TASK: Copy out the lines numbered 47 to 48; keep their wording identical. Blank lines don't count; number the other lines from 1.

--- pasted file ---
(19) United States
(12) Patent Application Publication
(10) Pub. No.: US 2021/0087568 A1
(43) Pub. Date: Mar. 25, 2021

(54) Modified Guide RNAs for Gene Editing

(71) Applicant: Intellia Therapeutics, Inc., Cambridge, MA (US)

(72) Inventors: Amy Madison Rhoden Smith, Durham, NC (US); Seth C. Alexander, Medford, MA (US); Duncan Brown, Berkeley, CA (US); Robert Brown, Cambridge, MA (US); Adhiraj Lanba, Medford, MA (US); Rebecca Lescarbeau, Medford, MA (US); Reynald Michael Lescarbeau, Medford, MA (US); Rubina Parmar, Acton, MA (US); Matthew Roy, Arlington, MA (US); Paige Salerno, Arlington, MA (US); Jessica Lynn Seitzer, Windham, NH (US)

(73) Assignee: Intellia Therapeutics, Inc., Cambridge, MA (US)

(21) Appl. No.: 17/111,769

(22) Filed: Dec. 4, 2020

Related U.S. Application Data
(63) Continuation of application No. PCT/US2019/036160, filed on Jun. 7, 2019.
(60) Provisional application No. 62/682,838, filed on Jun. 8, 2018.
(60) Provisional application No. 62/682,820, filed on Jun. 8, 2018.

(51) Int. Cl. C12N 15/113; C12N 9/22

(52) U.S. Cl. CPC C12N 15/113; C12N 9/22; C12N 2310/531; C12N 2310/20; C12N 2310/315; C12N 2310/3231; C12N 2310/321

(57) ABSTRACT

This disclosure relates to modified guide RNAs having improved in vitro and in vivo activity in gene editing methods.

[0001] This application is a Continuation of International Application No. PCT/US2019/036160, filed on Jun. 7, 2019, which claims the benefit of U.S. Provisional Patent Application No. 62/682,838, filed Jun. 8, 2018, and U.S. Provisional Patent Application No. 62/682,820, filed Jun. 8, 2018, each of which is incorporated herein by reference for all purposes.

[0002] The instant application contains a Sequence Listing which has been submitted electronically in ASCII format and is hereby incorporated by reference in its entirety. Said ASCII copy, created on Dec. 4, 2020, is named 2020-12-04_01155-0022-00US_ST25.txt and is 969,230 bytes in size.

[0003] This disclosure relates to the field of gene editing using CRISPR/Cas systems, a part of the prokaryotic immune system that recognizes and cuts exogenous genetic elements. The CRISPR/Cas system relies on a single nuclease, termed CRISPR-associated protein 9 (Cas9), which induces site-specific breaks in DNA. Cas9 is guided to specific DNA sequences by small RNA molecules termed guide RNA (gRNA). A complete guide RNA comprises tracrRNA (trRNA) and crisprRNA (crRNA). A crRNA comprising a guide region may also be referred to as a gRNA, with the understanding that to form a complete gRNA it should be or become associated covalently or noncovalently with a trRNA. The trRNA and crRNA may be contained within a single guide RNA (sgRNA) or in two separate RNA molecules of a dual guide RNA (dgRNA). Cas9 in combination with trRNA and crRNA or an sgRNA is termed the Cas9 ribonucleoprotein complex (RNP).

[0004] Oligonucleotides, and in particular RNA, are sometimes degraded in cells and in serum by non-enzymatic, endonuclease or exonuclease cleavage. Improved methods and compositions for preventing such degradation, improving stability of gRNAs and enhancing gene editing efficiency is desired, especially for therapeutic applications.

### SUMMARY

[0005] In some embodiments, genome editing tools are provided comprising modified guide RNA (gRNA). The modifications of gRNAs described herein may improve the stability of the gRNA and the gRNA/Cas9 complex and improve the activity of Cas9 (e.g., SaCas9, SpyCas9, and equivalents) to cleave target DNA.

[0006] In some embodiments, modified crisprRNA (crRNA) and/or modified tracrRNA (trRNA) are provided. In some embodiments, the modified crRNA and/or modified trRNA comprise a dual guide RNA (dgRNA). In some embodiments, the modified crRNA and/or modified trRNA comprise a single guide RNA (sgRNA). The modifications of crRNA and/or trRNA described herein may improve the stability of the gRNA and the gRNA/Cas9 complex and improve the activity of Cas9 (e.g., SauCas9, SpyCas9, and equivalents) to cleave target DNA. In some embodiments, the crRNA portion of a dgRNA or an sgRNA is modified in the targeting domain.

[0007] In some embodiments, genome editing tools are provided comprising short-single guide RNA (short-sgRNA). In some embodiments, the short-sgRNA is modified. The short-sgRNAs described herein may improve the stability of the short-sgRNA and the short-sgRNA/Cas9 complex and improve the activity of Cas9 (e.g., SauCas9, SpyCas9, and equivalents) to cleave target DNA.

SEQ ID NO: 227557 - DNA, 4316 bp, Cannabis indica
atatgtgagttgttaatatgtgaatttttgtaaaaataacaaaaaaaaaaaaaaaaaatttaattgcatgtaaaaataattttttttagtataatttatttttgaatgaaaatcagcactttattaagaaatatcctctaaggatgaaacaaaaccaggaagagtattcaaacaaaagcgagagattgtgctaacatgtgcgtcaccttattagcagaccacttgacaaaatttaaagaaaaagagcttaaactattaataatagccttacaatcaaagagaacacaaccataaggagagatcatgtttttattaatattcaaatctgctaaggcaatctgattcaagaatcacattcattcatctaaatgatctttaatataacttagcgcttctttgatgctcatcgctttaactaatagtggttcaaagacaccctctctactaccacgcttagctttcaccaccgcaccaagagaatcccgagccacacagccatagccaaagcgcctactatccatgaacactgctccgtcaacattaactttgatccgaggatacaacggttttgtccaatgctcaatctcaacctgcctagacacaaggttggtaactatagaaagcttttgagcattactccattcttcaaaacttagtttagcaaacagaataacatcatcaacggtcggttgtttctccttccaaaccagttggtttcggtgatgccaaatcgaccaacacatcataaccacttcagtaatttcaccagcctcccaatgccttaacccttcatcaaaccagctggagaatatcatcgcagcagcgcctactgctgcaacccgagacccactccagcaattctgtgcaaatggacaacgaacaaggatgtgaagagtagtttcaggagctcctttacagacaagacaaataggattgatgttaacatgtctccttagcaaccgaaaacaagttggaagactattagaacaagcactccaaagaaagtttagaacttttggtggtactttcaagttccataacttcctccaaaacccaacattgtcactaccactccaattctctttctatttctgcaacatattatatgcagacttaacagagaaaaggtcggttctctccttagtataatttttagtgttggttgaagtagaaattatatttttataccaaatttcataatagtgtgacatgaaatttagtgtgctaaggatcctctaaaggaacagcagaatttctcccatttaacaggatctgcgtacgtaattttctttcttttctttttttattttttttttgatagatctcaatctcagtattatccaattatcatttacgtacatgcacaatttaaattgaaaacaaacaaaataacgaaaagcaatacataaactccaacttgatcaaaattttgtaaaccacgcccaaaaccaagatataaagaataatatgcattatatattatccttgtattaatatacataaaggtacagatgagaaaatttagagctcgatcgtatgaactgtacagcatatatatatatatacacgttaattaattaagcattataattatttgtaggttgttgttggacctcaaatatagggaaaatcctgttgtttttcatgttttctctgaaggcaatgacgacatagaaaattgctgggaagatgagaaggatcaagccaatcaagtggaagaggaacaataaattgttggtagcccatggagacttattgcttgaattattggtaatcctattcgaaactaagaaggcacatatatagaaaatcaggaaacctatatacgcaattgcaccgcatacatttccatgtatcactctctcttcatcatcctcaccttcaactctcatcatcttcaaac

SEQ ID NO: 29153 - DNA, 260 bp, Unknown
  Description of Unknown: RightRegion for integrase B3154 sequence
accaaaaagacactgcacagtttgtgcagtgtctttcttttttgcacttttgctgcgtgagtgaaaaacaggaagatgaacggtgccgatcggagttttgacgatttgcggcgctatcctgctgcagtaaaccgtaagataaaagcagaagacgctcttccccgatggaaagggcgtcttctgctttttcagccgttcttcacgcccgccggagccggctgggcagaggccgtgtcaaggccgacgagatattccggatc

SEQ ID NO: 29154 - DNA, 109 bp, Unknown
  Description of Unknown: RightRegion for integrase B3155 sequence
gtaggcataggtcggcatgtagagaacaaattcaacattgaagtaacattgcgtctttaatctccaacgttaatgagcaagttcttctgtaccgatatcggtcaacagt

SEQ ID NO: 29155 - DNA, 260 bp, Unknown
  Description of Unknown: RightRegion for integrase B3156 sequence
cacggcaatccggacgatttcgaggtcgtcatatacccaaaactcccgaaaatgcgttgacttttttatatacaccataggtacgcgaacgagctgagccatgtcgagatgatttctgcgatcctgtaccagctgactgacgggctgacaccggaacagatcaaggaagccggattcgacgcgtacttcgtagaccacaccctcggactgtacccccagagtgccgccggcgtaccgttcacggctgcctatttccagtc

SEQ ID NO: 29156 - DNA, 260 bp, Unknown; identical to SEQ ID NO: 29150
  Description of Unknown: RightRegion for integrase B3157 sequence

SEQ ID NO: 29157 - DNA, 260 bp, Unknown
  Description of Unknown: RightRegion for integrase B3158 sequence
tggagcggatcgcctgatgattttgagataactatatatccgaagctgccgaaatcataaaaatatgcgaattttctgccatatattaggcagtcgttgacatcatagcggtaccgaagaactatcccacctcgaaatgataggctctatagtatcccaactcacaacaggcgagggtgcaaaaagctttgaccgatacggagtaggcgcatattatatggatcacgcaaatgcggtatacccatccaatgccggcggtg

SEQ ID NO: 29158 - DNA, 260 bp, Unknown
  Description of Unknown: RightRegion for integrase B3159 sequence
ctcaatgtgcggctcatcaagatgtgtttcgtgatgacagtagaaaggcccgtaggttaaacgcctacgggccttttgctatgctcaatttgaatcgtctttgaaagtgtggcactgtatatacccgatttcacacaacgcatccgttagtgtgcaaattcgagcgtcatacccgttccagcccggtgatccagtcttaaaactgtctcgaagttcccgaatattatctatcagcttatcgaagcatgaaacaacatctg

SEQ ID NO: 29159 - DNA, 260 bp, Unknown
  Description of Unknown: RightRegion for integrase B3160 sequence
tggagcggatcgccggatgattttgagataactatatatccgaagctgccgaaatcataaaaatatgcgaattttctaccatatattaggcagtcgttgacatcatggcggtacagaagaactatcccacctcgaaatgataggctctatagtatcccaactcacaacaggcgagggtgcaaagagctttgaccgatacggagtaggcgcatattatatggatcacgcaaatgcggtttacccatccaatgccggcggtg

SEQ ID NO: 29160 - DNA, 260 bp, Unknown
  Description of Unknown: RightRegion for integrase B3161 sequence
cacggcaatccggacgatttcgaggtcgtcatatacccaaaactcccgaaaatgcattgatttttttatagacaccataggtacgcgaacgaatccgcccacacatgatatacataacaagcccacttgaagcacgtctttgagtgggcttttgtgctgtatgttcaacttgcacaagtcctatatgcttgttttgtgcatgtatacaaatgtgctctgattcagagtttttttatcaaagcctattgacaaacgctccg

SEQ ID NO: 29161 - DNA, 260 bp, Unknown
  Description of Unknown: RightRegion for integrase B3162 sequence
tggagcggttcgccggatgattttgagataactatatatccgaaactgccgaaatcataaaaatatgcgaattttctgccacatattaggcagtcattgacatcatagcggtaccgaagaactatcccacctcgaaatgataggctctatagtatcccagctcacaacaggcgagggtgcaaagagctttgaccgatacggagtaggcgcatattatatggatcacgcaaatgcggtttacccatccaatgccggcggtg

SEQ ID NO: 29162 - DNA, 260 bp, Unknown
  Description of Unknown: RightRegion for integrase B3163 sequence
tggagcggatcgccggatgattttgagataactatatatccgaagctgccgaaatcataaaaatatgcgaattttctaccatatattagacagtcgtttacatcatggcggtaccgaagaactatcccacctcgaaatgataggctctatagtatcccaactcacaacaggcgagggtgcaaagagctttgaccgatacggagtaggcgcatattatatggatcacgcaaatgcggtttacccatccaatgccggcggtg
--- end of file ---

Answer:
  Description of Unknown: RightRegion for integrase B3160 sequence
tggagcggatcgccggatgattttgagataactatatatccgaagctgccgaaatcataaaaatatgcgaattttctaccatatattaggcagtcgttgacatcatggcggtacagaagaactatcccacctcgaaatgataggctctatagtatcccaactcacaacaggcgagggtgcaaagagctttgaccgatacggagtaggcgcatattatatggatcacgcaaatgcggtttacccatccaatgccggcggtg